I’ve been a little disappointed in Kroll Show these last few weeks, and when the first major sketch of the night featured the return of Liz (Jenny Slate) and C-Czar in an ice dating show, I tensed up again, thinking I was so bored of these characters that this would be another lackluster night. Not so. “Ice Dating” was the best episode of the show thus far, with every single sketch working, a touching guest appearance by Adam Brody, and just a stronger balance of gross, envelope-pushing material and really solid jokes.
Maybe I’m just biased because the Oh, Hello boys were back again. I really missed them for the first half of the season (they appeared only once) and I’m glad they’re all over this thing now. I like that they’re not just a two-headed joke machine either. Gil and George’s personalities are pretty distinct—Gil is the more co-dependent, the inveterate hoarder, who’s keeping up with every mention of Alan Alda in the newspaper (“It’s called ‘Alda news that’s fit to print,’” George says). Gil’s a big baby, and George is nastier and more sex-hungry (it’s just a joy to watch John Mulaney be a jerk).
In the first part of the sketch George and Gil are helped by a clutter-clearer, who learns that they brush their teeth with duck sauce and that Gil has an impressive collection of snowglobes (the 9/11 one is his favorite). Later on, they throw a party featuring the return of Jeffrey Gurian (“I did my thesis on the history of the turtleneck sweater, and the first one was made of word”) but quickly go downtown to see Gil’s son (Brody) play music and disappoint him once again. Brody’s appearance is an utter surprise (although, and this is a deep cut, his character reminded me of his one-scene cameo in the long-ago canceled The Loop) and a delightful one to cap a delightful series of sketches.
“Ice Dating,” the other big recurring sketch of the night, is a little less interesting but saved by the presence of Jenny Slate (who strikes me as a love/hate comic, but I’m firmly in the love column) and a less over-the-top approach to the visuals. C-Czar’s last appearance wasn’t inherently unfunny but the insane flashy editing of his spoof show, while accurate, got to be a little much. Without that and with the generally depressing, unfunny Armond and Roman gone, he was a lot easier to take. “Ice Dating” didn’t have much plot to it and it didn’t do much with Dave Holmes’ cameo as the host (named Day Foams) but Slate and Kroll cooked up a bunch of silly little moments just by vamping on their characters’ dialogue quirks.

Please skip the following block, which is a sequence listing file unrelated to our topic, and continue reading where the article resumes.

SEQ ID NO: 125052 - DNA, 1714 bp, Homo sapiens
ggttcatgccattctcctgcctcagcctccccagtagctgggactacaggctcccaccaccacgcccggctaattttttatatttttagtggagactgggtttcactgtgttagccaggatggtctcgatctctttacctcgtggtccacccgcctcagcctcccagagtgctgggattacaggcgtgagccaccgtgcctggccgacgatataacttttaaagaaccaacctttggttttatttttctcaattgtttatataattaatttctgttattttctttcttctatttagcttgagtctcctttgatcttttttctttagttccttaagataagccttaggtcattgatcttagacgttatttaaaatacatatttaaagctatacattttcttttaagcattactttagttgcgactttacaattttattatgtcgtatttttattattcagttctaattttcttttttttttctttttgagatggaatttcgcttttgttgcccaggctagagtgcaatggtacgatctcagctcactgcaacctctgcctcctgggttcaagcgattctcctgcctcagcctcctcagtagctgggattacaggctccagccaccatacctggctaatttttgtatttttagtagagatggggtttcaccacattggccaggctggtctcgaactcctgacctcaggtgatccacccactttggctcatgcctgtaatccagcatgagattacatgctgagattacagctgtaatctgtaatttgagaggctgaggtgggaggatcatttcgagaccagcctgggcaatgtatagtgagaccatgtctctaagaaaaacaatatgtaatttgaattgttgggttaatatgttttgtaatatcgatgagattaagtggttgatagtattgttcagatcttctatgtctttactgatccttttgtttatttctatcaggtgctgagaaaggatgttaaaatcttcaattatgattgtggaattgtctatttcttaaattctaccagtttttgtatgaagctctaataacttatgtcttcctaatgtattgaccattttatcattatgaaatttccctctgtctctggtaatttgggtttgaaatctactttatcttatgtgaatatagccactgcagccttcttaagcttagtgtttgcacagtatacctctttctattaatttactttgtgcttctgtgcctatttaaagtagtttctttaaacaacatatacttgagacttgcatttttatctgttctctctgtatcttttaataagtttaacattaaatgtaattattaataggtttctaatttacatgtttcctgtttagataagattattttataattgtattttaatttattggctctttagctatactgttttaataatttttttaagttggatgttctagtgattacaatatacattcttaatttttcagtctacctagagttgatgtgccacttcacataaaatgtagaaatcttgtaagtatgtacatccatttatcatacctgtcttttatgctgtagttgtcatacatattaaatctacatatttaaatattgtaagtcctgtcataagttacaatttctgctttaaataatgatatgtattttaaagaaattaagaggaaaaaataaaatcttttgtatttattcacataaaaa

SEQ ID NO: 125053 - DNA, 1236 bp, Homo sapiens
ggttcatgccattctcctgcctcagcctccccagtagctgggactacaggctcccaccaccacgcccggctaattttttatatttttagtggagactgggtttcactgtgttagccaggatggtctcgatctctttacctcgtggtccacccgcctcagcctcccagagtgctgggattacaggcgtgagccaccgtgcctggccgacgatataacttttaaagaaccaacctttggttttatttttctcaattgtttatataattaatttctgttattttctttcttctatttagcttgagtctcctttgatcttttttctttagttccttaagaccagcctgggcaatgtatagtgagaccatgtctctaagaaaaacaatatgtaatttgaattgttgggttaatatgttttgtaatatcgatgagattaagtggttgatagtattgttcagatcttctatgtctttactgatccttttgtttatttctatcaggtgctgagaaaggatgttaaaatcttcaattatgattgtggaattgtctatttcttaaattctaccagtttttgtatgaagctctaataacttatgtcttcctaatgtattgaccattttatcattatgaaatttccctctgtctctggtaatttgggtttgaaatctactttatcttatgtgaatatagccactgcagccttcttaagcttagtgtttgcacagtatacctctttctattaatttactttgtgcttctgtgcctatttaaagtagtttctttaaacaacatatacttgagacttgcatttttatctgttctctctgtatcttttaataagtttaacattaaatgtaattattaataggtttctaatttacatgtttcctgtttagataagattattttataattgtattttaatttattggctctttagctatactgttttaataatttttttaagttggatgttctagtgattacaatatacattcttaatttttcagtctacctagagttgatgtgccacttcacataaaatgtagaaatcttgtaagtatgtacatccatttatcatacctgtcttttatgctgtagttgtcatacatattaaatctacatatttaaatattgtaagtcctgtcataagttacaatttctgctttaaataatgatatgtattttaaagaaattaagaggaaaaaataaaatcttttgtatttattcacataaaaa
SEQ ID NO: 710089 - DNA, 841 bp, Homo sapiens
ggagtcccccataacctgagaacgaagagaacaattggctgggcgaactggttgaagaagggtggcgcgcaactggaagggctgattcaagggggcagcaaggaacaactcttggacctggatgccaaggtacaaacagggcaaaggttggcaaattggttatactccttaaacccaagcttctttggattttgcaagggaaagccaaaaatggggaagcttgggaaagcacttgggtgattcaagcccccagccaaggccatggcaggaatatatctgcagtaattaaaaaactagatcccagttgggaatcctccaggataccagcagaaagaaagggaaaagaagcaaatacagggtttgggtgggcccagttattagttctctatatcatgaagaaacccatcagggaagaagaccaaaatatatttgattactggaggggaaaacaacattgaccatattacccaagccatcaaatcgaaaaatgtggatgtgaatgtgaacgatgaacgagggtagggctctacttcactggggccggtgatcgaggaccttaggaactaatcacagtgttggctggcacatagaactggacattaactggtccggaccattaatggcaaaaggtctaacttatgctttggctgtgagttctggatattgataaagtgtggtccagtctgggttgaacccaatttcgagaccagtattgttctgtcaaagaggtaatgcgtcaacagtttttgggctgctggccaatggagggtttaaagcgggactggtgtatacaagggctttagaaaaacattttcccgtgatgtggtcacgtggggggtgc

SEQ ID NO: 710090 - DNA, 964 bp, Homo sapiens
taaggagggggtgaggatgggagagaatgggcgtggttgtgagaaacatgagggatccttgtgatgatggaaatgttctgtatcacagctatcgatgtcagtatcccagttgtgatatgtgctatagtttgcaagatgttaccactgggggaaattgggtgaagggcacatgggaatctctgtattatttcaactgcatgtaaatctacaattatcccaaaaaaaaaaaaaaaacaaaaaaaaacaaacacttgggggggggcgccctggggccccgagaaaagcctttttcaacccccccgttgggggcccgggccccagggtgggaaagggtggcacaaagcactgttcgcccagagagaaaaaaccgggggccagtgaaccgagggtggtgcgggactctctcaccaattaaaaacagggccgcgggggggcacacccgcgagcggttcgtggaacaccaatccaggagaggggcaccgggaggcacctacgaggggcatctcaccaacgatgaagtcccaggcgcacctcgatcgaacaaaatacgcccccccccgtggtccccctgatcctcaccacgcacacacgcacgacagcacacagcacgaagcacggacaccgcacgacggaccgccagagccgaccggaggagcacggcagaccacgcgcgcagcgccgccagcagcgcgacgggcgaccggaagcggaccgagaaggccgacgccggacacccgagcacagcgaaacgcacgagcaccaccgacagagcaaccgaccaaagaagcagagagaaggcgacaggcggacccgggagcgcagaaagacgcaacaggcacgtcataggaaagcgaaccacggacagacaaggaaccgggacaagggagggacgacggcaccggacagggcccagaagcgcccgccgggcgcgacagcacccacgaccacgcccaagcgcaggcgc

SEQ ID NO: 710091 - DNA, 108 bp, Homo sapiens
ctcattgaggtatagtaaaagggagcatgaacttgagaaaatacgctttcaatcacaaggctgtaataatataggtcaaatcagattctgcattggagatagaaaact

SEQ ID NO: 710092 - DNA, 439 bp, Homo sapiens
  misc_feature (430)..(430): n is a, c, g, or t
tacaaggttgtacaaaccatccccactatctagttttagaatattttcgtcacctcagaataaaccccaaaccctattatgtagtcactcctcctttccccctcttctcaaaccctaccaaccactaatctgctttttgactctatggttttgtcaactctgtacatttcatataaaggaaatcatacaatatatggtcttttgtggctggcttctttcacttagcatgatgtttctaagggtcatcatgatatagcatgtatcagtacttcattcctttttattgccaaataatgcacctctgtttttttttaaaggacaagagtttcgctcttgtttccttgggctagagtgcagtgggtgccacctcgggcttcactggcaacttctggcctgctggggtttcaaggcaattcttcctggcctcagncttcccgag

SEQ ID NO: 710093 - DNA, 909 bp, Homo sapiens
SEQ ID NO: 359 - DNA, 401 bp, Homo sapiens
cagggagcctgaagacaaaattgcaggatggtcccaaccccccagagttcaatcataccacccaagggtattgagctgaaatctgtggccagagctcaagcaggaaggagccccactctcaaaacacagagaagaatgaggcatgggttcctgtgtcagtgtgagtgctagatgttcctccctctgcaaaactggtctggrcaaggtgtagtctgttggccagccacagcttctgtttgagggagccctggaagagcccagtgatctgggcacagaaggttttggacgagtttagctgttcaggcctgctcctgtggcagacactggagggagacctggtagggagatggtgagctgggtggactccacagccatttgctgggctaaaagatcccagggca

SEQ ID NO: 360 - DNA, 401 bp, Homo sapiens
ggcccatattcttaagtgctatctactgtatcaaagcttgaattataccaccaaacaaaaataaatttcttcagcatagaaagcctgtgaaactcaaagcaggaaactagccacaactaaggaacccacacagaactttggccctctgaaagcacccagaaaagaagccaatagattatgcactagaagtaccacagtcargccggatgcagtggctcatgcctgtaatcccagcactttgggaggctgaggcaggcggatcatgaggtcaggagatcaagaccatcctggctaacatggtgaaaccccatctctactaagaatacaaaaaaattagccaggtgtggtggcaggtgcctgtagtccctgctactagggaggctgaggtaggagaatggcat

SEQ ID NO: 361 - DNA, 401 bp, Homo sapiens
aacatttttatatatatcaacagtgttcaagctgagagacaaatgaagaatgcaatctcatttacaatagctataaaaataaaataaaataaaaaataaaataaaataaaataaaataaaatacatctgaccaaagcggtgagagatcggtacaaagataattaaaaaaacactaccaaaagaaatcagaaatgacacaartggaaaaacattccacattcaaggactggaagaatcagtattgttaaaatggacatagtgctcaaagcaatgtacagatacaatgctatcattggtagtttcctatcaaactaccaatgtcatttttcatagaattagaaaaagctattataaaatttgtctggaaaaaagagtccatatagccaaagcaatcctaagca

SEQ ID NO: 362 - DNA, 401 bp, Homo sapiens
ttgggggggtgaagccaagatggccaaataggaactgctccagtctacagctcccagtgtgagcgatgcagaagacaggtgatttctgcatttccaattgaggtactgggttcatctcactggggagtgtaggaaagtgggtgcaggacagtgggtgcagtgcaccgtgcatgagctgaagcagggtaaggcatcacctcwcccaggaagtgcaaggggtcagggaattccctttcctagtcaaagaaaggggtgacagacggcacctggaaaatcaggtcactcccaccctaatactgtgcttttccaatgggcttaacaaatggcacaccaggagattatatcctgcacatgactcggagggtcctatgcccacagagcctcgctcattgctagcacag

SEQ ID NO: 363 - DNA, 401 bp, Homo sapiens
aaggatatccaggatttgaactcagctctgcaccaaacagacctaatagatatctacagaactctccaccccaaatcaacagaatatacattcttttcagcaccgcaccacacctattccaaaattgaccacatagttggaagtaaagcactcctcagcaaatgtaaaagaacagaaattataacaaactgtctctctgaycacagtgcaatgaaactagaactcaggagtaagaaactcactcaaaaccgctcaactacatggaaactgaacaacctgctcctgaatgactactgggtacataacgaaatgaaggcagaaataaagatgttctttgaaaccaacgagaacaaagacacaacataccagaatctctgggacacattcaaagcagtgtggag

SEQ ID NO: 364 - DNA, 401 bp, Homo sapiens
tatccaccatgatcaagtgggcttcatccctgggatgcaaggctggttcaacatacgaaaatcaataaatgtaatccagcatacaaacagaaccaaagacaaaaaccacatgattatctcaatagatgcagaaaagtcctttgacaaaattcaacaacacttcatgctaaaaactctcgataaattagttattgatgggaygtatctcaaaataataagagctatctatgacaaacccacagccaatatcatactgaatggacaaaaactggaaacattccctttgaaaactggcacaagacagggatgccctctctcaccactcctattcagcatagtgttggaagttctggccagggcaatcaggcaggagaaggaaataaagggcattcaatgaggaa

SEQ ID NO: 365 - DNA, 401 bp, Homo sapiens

The Rich Dicks sketch I’ve seen before—I believe it’s one of the sketches Comedy Central promoted in advance of the première, and it’s easily the best Rich Dicks so far, very short and sweet and filled with ridiculous lines (“It’s like a 2000-whatever year we’re in, and like, totally enjoy it, you’re awesome,” Kroll says when gifting a totaled car to a lady). It can be tougher to find good veins of humor when your characters are so over-the-top: the Rich Dicks are infinitely rich and infinitely evil, so what problems can they really confront? Better to have them never really understand that they’re causing a problem at all. To them, they just parked their car on “some lady’s” lawn and gave it to her.
The return of El Chupacabra once again sees a guest appearance largely wasted (Rob Huebel as a suicidal rock star) but I liked the reveal of everyone’s favorite Spanish-language DJ and the consistency with which he did not care about the rock star’s plight or impending death. Sure, some of his characters (like the disembodied baby voice) have advice to offer, but Chupa always makes it clear: doesn’t matter to him what happens.
Even though this episode has the same number of sketches as the others, the balance seems a little better—the longest stuff was Oh, Hello, which is easily the most successful, and nothing else outstayed its welcome, which was a real problem in other weeks. Next week is the finale, so I hope the show goes out on a high note (although the second season has already, happily, been secured).
- Liz says C-Czar is scary outside but sweet on the inside. “Like a croissant!”
- George knows how to talk to a lady. “Do you do gross Polaroids?”
- “I didn’t like that car anyway, it had too many buttons.”
- Forgot to mention Locked In and the return of the needy ref, which I really enjoyed (good way to bring him back in a different sketch format).
- George introduces Gil to the “hottest singles from my Kashi addiction group.”
- George’s dashiki and Gil’s Keith Haring shirt are wonderful examples of downtown-wear.
- “You know what Lou Reed once said?” “Get out of my bedroom, you guys are masturbating in here and this is my home.”